Referendum debate lacks a compelling story about a Scottish Future….

Interesting piece from Gerry Hassan who sees the debate over Scotland’s future as sterile, managerialist and devoid of any real emotional sense of what that future might be:

The next two years will be shaped by hope, optimism, fear and anxiety, by the full gambit of human emotions and responses, and none of these are wrong. Whether pro or anti-independence, none of these are the product of false consciousness.

Where are the pictures of our compelling stories about the future of Scotland? So far neither the ‘Yes Scotland’ or ‘Better Together’ campaigns have decided to articulate such a vision. Instead, both have gone for the modern day technocratic, managerialist approach of trying to appear reasonable and sane, while discounting a more passionate approach.

Somehow we have to bring into the debate the Scots imagination in order to better describe the different Scotlands of the future of independence and the union. We need to have stories which connect with all our different emotions: to feel and understand our hopes, doubts and fears.

Is this possible in the Scotland of today? After forty years of contemporary constitutional debate we should be able finally to raise the political and emotional appeal of our politics.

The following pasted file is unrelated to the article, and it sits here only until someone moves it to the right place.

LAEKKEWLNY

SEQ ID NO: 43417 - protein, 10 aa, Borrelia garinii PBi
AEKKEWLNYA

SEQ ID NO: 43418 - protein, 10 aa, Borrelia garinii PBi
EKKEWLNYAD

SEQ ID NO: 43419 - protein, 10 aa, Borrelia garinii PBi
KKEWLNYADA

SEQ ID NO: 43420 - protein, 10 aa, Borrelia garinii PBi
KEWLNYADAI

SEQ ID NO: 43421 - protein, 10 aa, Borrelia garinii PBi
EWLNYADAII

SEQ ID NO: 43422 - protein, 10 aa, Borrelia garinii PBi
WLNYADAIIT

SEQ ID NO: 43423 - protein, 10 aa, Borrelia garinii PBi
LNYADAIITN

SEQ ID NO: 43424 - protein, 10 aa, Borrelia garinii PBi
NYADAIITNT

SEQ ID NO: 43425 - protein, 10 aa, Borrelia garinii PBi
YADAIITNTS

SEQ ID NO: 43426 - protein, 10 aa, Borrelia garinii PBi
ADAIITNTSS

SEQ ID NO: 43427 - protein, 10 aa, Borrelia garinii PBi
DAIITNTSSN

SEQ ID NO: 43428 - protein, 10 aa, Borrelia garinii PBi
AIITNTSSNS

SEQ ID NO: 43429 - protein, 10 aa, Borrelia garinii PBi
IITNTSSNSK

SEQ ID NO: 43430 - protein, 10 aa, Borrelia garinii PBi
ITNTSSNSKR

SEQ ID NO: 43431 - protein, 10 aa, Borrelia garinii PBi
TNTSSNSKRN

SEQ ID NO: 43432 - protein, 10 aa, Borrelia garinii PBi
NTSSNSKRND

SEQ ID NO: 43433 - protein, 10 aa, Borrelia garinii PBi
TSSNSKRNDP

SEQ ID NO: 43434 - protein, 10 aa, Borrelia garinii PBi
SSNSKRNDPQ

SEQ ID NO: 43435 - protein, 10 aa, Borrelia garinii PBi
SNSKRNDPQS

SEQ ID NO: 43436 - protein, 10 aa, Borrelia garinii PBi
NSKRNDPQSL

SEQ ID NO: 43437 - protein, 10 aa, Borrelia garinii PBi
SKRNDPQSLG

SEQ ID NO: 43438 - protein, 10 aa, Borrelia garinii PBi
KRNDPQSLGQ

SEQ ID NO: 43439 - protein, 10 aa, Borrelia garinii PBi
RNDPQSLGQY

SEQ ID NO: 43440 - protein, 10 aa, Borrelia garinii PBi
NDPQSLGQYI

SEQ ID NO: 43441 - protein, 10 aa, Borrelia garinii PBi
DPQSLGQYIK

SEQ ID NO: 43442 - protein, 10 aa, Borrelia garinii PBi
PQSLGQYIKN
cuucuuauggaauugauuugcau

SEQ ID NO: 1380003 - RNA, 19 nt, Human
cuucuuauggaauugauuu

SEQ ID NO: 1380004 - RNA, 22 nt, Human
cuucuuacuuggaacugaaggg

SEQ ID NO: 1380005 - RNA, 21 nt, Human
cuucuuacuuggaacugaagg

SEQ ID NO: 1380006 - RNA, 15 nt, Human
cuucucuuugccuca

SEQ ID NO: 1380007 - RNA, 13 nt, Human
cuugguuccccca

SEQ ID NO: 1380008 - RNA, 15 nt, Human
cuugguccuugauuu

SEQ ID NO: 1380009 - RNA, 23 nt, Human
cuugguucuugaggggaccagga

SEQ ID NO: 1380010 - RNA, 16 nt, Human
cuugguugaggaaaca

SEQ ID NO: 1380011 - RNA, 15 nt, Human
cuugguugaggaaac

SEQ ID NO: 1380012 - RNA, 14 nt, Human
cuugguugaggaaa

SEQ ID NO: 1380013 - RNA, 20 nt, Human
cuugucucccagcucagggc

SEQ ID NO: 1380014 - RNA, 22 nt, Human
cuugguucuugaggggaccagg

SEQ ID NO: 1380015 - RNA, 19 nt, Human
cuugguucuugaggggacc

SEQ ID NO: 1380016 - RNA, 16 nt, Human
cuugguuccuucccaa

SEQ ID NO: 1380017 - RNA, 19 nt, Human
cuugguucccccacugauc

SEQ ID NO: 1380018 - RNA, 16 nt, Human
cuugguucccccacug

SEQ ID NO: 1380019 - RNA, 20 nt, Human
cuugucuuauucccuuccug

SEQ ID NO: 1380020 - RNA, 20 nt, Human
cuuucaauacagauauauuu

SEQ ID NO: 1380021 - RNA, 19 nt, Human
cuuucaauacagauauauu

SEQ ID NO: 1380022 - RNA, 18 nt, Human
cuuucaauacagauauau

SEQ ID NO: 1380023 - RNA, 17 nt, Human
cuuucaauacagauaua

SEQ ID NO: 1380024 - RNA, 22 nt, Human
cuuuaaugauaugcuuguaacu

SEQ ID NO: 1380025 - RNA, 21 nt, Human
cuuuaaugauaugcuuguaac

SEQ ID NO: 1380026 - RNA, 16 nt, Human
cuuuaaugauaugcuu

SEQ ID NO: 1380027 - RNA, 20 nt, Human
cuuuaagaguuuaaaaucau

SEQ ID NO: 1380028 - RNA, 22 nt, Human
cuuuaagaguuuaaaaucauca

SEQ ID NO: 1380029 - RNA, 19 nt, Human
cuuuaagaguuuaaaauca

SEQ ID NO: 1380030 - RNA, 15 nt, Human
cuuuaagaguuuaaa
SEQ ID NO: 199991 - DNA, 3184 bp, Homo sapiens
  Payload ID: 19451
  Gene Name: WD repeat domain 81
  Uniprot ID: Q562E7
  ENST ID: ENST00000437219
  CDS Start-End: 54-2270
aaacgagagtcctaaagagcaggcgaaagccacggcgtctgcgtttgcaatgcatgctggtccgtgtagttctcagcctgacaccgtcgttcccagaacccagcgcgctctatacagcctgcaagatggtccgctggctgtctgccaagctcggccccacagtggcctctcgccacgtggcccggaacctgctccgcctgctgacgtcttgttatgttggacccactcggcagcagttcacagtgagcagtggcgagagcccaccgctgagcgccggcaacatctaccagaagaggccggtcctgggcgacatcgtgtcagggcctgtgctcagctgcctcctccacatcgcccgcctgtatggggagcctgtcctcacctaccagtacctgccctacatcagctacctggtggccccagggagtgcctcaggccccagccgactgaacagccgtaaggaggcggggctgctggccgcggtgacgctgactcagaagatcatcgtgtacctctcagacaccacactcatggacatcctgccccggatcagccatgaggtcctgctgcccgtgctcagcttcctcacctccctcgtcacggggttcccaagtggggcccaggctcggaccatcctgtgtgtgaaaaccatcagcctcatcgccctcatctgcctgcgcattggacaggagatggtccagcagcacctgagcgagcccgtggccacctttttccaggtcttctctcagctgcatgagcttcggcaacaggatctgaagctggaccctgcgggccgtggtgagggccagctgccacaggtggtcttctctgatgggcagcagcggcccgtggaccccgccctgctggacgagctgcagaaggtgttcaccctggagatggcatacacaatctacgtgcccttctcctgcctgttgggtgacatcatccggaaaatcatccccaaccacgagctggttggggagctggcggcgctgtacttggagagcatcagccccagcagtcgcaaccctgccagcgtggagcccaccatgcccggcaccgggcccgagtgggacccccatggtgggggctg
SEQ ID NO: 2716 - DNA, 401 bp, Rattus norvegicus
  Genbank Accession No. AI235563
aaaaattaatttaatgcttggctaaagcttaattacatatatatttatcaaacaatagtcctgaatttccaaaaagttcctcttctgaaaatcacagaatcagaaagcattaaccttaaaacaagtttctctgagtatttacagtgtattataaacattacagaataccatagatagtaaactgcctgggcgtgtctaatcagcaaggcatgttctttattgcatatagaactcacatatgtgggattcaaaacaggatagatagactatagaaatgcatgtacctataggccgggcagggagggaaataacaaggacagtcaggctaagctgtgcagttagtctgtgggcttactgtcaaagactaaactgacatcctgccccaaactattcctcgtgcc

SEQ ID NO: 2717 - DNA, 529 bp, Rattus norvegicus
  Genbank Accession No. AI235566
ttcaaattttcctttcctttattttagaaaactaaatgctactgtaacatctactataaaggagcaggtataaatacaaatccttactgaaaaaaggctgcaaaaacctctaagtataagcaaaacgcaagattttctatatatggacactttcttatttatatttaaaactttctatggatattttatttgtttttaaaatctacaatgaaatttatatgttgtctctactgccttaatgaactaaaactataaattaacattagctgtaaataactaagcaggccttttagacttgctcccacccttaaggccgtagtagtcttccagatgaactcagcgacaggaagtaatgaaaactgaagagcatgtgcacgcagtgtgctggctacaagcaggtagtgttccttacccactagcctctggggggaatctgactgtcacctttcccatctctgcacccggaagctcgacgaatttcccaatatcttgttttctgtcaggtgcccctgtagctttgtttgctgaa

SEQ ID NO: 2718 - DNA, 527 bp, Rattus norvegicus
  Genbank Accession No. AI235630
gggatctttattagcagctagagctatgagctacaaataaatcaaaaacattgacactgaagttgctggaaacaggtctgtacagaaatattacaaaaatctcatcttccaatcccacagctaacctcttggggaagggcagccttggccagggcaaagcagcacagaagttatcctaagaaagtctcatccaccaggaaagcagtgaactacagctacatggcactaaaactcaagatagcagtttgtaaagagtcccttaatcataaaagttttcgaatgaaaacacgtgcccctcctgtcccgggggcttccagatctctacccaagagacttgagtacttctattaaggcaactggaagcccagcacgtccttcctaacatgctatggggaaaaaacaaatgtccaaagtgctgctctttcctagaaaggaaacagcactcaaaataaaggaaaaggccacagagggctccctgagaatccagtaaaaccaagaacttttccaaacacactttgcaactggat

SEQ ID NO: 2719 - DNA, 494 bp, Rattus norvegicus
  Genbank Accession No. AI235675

It put me mind of one of these posters, digital postcards I saw fleetingly on Google Plus yesterday, which said something: “The future belongs to Geeks, because no one else wants it”.

Discover more from Slugger O'Toole

Subscribe to get the latest posts to your email.

We are reader supported. Donate to keep Slugger lit!

For over 20 years, Slugger has been an independent place for debate and new ideas. We have published over 40,000 posts and over one and a half million comments on the site. Each month we have over 70,000 readers. All this we have accomplished with only volunteers we have never had any paid staff.

Slugger does not receive any funding, and we respect our readers, so we will never run intrusive ads or sponsored posts. Instead, we are reader-supported. Help us keep Slugger independent by becoming a friend of Slugger. While we run a tight ship and no one gets paid to write, we need money to help us cover our costs.

If you like what we do, we are asking you to consider giving a monthly donation of any amount, or you can give a one-off donation. Any amount is appreciated.